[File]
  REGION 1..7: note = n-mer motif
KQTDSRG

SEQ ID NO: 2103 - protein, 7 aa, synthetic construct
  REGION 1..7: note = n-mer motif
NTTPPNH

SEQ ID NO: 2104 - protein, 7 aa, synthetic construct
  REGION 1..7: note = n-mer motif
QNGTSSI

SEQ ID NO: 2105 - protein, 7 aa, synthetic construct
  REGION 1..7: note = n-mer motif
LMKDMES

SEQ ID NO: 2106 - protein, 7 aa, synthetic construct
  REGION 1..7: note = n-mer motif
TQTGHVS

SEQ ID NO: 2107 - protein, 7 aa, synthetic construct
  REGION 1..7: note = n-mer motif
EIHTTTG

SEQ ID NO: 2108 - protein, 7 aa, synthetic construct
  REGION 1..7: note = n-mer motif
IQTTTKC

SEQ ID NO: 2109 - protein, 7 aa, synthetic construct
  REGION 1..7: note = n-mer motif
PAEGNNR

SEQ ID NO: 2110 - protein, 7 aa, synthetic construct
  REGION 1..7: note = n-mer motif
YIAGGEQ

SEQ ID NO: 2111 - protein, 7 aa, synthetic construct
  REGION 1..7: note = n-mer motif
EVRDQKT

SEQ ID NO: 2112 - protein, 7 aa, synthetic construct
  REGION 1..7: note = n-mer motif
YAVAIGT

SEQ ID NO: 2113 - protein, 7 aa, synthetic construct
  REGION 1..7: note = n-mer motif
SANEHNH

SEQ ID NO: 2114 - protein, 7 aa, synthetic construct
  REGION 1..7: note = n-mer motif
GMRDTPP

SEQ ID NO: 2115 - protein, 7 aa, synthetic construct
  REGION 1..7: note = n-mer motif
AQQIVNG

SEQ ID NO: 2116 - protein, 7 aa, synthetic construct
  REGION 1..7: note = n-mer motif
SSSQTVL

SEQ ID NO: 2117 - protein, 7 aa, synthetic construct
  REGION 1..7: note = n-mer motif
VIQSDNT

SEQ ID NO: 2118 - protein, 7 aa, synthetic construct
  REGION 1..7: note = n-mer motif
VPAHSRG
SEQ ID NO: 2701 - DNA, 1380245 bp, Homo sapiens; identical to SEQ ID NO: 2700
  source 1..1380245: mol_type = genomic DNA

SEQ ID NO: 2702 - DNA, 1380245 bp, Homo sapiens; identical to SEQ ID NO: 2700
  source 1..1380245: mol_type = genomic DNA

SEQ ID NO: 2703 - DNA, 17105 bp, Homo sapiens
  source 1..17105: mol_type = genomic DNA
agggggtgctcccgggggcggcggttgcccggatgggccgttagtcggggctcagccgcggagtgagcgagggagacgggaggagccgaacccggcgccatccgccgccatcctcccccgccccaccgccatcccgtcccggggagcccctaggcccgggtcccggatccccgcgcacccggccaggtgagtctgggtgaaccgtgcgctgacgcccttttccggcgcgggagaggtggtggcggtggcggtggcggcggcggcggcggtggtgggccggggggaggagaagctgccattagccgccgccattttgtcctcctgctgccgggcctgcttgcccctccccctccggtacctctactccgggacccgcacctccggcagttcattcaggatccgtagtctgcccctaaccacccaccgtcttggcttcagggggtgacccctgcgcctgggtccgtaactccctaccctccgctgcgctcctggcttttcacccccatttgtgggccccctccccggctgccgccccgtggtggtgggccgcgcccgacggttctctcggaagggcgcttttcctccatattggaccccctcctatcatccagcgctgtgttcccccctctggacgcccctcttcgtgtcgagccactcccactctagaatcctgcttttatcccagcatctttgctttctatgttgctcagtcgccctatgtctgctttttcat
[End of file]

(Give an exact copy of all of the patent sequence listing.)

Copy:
  REGION 1..7: note = n-mer motif
KQTDSRG

SEQ ID NO: 2103 - protein, 7 aa, synthetic construct
  REGION 1..7: note = n-mer motif
NTTPPNH

SEQ ID NO: 2104 - protein, 7 aa, synthetic construct
  REGION 1..7: note = n-mer motif
QNGTSSI

SEQ ID NO: 2105 - protein, 7 aa, synthetic construct
  REGION 1..7: note = n-mer motif
LMKDMES

SEQ ID NO: 2106 - protein, 7 aa, synthetic construct
  REGION 1..7: note = n-mer motif
TQTGHVS

SEQ ID NO: 2107 - protein, 7 aa, synthetic construct
  REGION 1..7: note = n-mer motif
EIHTTTG

SEQ ID NO: 2108 - protein, 7 aa, synthetic construct
  REGION 1..7: note = n-mer motif
IQTTTKC

SEQ ID NO: 2109 - protein, 7 aa, synthetic construct
  REGION 1..7: note = n-mer motif
PAEGNNR

SEQ ID NO: 2110 - protein, 7 aa, synthetic construct
  REGION 1..7: note = n-mer motif
YIAGGEQ

SEQ ID NO: 2111 - protein, 7 aa, synthetic construct
  REGION 1..7: note = n-mer motif
EVRDQKT

SEQ ID NO: 2112 - protein, 7 aa, synthetic construct
  REGION 1..7: note = n-mer motif
YAVAIGT

SEQ ID NO: 2113 - protein, 7 aa, synthetic construct
  REGION 1..7: note = n-mer motif
SANEHNH

SEQ ID NO: 2114 - protein, 7 aa, synthetic construct
  REGION 1..7: note = n-mer motif
GMRDTPP

SEQ ID NO: 2115 - protein, 7 aa, synthetic construct
  REGION 1..7: note = n-mer motif
AQQIVNG

SEQ ID NO: 2116 - protein, 7 aa, synthetic construct
  REGION 1..7: note = n-mer motif
SSSQTVL

SEQ ID NO: 2117 - protein, 7 aa, synthetic construct
  REGION 1..7: note = n-mer motif
VIQSDNT

SEQ ID NO: 2118 - protein, 7 aa, synthetic construct
  REGION 1..7: note = n-mer motif
VPAHSRG
SEQ ID NO: 2701 - DNA, 1380245 bp, Homo sapiens; identical to SEQ ID NO: 2700
  source 1..1380245: mol_type = genomic DNA

SEQ ID NO: 2702 - DNA, 1380245 bp, Homo sapiens; identical to SEQ ID NO: 2700
  source 1..1380245: mol_type = genomic DNA

SEQ ID NO: 2703 - DNA, 17105 bp, Homo sapiens
  source 1..17105: mol_type = genomic DNA
agggggtgctcccgggggcggcggttgcccggatgggccgttagtcggggctcagccgcggagtgagcgagggagacgggaggagccgaacccggcgccatccgccgccatcctcccccgccccaccgccatcccgtcccggggagcccctaggcccgggtcccggatccccgcgcacccggccaggtgagtctgggtgaaccgtgcgctgacgcccttttccggcgcgggagaggtggtggcggtggcggtggcggcggcggcggcggtggtgggccggggggaggagaagctgccattagccgccgccattttgtcctcctgctgccgggcctgcttgcccctccccctccggtacctctactccgggacccgcacctccggcagttcattcaggatccgtagtctgcccctaaccacccaccgtcttggcttcagggggtgacccctgcgcctgggtccgtaactccctaccctccgctgcgctcctggcttttcacccccatttgtgggccccctccccggctgccgccccgtggtggtgggccgcgcccgacggttctctcggaagggcgcttttcctccatattggaccccctcctatcatccagcgctgtgttcccccctctggacgcccctcttcgtgtcgagccactcccactctagaatcctgcttttatcccagcatctttgctttctatgttgctcagtcgccctatgtctgctttttcat